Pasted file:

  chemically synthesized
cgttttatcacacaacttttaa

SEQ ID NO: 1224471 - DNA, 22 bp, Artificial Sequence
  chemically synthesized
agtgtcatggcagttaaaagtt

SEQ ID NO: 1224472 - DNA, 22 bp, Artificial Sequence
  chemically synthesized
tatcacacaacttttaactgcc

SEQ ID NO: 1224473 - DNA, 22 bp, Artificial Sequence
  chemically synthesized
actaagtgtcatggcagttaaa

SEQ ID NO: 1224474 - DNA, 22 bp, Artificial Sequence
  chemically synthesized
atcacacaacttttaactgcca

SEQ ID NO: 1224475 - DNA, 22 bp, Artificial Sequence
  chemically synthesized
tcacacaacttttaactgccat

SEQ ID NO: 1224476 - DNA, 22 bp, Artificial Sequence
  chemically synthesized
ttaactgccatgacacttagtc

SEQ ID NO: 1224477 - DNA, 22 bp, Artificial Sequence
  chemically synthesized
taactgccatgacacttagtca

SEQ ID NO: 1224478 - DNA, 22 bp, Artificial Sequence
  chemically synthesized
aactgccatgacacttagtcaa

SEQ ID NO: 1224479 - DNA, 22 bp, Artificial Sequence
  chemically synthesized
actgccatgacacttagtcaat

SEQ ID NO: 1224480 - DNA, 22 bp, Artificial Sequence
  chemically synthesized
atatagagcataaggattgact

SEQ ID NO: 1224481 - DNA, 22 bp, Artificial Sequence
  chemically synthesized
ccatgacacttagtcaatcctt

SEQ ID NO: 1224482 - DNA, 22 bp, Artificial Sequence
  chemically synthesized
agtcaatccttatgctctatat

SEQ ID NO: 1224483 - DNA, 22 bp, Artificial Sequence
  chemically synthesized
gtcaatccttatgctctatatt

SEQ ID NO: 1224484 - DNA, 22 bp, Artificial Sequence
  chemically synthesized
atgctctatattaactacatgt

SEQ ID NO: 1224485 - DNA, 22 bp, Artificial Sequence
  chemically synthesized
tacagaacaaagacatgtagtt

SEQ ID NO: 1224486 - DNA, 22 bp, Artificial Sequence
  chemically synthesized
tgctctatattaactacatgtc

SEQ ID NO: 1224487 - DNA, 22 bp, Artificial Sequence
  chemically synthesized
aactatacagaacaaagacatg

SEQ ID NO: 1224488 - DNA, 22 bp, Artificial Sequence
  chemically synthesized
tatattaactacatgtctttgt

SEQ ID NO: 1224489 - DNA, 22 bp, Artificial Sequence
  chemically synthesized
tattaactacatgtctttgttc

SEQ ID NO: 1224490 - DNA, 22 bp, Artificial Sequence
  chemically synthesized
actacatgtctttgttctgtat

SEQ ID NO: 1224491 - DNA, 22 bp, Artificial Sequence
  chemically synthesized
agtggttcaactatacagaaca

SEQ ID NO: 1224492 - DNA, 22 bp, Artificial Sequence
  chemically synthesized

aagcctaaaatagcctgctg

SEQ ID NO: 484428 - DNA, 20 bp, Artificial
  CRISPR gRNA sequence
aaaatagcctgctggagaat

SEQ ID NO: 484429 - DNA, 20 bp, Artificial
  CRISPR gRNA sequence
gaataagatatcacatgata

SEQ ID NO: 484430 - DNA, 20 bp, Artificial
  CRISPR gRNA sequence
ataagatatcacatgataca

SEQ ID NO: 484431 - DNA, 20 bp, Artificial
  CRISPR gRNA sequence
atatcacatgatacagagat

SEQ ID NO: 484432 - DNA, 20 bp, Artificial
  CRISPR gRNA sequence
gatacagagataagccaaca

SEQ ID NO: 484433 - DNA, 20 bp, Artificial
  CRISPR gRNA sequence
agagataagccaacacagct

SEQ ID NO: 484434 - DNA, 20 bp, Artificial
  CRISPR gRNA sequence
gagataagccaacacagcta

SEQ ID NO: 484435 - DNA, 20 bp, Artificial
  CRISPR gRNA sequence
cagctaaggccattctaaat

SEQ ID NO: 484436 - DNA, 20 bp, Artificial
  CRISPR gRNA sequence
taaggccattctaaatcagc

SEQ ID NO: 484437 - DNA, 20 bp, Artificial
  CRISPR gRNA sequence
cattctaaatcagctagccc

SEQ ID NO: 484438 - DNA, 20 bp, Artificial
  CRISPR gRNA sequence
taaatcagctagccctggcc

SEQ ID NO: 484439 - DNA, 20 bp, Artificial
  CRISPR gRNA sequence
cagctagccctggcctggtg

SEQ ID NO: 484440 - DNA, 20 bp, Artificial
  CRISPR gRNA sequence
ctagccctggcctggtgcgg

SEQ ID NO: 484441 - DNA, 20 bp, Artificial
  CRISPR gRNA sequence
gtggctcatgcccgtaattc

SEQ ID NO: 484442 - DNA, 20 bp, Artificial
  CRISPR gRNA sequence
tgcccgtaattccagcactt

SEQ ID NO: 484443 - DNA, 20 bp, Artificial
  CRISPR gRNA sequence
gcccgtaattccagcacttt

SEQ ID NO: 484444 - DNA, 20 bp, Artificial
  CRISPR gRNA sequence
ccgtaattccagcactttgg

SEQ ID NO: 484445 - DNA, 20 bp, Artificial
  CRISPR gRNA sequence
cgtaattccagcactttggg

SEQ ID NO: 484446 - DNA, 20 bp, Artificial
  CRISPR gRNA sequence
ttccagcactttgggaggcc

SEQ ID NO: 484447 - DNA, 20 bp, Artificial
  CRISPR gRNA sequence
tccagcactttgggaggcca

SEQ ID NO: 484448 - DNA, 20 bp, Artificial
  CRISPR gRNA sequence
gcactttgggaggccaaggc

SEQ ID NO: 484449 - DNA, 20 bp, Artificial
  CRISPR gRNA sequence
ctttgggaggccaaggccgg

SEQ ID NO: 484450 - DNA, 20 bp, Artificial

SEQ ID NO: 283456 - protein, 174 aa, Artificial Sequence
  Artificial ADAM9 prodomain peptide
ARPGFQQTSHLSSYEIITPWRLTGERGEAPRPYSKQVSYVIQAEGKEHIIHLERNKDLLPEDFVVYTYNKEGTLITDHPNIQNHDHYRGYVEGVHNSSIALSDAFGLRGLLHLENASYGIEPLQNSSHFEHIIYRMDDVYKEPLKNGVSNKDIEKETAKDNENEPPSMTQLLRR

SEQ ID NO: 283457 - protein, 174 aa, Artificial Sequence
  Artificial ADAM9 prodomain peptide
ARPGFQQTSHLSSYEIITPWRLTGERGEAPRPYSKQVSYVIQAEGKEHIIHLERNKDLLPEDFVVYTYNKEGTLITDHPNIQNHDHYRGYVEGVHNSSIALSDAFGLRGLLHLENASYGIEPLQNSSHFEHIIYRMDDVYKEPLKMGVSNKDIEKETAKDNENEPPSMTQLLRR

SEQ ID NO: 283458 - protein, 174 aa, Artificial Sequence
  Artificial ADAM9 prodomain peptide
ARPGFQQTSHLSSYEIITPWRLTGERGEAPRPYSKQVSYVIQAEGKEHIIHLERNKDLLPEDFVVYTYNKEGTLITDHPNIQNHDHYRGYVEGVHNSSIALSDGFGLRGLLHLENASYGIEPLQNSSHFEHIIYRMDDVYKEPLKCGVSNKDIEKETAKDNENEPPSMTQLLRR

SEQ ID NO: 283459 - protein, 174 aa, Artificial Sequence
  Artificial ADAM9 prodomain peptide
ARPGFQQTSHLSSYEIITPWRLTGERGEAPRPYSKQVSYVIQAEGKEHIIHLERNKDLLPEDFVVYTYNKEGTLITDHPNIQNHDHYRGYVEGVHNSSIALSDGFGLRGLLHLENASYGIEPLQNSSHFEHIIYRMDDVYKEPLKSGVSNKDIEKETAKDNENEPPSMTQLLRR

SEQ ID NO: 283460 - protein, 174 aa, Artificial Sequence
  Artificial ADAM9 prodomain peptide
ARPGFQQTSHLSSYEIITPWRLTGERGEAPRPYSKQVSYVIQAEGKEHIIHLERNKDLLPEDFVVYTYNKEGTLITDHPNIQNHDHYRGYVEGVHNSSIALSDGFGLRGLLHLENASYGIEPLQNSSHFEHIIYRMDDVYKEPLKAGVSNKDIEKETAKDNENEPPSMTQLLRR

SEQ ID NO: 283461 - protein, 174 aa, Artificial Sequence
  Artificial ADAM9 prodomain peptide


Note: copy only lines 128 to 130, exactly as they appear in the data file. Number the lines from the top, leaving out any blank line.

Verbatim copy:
tccagcactttgggaggcca

SEQ ID NO: 484448 - DNA, 20 bp, Artificial
  CRISPR gRNA sequence